Swiss ‘wolf child’ found in Málaga province

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wolf child

On March 18, a so-called ‘wolf child’ from Switzerland was accidentally found in the municipality of Coín by a local police patrol. The almost 18-year-old girl grew up in a Swiss forest with her sisters and father. There they had no ties with society whatsoever.

Because the girl was wanted by Swiss authorities, the father fled the country with her. Subsequently, an international arrest warrant was issued to deprive the father of parental authority and save the girl. However, after the police found her, she was temporarily placed in a youth shelter of the Junta de Andalucía. She returned to Switzerland on May 3, accompanied by Swiss youth care officials. There she is now under government supervision.


By chance, the local police discovered a car with a flat tyre near the La Trocha shopping centre in mid-March. The car looked like it was lived in. Near the car, the officers found a very unkempt-looking man with a – according to the newspaper SUR – ‘dejected’ girl who was also wearing dirty clothes. When the police checked their identity details, a warning from the Sirene system appeared. This is a partnership between countries of the European Union for missing and wanted persons. That system showed the father’s high flight risk, which meant that the girl had to be taken to safety immediately.

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Contact with Swiss authorities revealed that the girl grew up in completely feral conditions in a Swiss forest. She never registered anywhere, went to school or even had any contact with other people. Furthermore, the mother is said to have not seen the girl for six years. Both parents are said to suffer from a mental disorder. The father was said to have been against any form of authority or government and was therefore constantly on the run from all authorities. The other daughters are said to have already reached adulthood.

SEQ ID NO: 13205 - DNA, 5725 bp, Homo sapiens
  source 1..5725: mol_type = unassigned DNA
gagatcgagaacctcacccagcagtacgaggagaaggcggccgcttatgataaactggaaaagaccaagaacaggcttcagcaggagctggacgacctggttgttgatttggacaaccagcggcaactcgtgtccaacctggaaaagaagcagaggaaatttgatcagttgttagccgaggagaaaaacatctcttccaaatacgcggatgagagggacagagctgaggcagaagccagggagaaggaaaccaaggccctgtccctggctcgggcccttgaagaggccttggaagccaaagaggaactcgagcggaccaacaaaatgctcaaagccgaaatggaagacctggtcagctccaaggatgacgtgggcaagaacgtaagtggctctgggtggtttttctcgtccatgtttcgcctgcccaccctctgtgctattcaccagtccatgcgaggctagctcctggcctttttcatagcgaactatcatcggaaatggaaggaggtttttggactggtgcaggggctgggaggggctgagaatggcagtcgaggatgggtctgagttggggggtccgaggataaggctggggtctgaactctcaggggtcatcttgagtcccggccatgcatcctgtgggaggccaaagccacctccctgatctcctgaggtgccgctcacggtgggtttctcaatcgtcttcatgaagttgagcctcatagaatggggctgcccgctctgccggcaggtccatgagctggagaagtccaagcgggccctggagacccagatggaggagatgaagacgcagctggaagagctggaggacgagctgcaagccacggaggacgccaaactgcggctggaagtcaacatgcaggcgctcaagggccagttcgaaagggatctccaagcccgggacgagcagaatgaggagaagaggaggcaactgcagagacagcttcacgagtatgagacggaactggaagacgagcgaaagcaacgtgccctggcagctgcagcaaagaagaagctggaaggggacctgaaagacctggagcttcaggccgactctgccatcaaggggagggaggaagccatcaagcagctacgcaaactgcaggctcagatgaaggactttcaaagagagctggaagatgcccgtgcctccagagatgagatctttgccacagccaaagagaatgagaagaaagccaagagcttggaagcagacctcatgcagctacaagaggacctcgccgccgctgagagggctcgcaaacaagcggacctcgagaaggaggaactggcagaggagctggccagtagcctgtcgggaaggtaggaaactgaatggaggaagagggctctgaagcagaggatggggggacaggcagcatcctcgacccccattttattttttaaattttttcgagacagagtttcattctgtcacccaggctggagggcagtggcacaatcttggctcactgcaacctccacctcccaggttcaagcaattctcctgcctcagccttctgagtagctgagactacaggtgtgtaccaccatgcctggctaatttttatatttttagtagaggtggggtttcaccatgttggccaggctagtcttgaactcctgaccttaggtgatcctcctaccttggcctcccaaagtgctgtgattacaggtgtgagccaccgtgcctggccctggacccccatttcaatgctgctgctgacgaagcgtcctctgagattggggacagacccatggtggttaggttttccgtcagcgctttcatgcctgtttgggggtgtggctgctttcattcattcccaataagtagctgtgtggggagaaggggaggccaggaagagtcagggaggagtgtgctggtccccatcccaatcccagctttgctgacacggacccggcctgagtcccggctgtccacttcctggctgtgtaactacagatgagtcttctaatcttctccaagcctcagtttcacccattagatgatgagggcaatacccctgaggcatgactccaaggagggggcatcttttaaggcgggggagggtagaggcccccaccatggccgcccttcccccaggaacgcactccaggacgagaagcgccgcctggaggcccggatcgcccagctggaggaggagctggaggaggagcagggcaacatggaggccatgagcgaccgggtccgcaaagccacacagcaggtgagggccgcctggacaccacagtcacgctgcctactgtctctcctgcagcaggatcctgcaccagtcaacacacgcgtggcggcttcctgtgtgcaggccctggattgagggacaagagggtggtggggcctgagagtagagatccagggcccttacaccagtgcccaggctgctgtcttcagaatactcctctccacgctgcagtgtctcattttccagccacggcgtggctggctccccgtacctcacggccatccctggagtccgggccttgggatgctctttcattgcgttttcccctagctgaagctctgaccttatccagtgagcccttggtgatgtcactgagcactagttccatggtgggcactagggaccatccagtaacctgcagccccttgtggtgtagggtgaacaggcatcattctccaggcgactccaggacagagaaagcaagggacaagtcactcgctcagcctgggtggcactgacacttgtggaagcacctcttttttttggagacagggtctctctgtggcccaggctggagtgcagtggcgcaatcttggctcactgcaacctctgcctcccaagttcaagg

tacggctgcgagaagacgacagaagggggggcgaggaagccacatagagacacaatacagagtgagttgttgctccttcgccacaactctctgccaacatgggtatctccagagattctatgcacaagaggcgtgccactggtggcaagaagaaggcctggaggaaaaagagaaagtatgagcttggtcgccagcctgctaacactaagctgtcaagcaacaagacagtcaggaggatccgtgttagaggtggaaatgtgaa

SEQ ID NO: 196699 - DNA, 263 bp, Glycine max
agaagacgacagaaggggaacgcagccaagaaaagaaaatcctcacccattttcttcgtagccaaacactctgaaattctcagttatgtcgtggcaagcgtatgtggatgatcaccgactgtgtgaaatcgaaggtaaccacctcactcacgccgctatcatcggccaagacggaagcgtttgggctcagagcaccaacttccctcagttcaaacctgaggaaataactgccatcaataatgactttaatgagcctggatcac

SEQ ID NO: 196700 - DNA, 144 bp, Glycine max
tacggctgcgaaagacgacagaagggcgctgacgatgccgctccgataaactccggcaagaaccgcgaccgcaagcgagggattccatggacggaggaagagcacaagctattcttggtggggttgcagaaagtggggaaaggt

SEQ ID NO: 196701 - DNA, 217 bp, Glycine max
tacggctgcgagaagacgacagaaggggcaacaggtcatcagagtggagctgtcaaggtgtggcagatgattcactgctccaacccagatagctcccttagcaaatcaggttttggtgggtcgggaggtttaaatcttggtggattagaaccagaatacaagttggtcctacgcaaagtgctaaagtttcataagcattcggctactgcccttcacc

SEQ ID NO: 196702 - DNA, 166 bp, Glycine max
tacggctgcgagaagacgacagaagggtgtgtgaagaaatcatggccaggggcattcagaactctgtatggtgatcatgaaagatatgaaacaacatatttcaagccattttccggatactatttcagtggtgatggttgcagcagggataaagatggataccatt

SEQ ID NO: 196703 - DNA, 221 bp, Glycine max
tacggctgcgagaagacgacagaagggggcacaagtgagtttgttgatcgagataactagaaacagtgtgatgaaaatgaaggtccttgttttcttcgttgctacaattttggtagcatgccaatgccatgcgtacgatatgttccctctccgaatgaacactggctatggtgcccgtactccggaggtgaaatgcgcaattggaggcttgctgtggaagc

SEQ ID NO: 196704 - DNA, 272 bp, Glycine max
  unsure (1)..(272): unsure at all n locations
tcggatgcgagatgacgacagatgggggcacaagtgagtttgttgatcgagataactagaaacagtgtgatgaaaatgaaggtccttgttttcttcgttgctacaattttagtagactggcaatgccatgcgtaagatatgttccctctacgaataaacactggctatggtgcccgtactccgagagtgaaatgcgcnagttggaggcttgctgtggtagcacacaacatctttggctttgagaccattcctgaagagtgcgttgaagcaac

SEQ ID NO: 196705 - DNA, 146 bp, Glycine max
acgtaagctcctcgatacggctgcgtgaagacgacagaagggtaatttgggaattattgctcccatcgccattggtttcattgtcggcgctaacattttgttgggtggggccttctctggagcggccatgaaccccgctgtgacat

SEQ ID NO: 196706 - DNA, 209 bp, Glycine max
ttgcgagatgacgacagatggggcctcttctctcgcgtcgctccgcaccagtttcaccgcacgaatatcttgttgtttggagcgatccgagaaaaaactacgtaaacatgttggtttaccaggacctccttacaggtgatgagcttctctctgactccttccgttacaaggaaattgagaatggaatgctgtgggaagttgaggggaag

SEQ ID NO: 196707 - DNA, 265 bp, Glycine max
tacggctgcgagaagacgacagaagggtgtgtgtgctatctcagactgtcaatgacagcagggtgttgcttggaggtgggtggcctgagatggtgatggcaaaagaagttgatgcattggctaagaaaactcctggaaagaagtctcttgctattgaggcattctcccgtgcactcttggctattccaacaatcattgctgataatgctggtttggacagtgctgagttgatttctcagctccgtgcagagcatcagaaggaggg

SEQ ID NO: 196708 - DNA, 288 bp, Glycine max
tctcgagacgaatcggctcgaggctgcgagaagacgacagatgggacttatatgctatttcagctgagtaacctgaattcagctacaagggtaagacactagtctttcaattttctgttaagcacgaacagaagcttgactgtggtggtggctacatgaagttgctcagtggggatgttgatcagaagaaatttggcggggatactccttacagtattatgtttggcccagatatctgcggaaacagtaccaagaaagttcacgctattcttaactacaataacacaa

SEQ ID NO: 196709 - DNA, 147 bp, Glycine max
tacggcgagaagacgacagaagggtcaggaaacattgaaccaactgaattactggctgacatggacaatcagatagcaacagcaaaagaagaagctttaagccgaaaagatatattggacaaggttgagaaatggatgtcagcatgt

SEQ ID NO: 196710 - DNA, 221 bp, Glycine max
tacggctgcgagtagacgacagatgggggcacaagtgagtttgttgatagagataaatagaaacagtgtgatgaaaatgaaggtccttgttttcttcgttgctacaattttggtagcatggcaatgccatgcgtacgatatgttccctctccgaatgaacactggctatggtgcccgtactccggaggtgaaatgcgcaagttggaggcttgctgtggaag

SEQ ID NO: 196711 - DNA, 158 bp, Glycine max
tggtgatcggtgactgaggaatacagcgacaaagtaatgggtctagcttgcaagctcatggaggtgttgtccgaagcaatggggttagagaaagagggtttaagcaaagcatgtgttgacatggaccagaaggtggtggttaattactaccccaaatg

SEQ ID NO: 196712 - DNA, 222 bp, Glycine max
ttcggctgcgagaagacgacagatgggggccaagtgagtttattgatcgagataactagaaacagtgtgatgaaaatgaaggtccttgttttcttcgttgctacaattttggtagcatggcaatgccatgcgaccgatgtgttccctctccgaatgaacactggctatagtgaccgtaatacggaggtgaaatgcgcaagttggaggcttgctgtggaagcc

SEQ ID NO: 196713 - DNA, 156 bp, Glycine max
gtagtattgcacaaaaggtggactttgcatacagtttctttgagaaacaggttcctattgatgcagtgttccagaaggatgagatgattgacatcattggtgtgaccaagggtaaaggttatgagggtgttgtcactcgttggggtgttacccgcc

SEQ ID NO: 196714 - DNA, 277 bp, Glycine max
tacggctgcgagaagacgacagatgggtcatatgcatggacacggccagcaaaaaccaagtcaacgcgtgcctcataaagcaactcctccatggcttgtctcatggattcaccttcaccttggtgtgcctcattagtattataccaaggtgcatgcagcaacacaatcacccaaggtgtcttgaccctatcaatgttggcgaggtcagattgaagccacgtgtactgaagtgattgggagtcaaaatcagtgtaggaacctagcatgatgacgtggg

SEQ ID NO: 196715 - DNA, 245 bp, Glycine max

Why ‘wolf child’?

The term ‘wolf child’ was coined after the Second World War. “Wolf children” were minor orphans who were separated from their families and left alone after the conflict. They were forced to wander through forests isolated from humanity to survive. In Spain there is one known case in Andalucia. Marcos Rodríguez Pantoja lived from the age of 6 to the age of 17 in the Sierra Morena. He was taken in by a pack of wolves and grew up without any ties to humans. His story was made into a film in ‘Entre lobos’ (2010). The somewhat romanticised book ‘He jugado con lobos’ by the writer Gabriel Jane was also published.

Also read: More than 5,400 people missing in Spain

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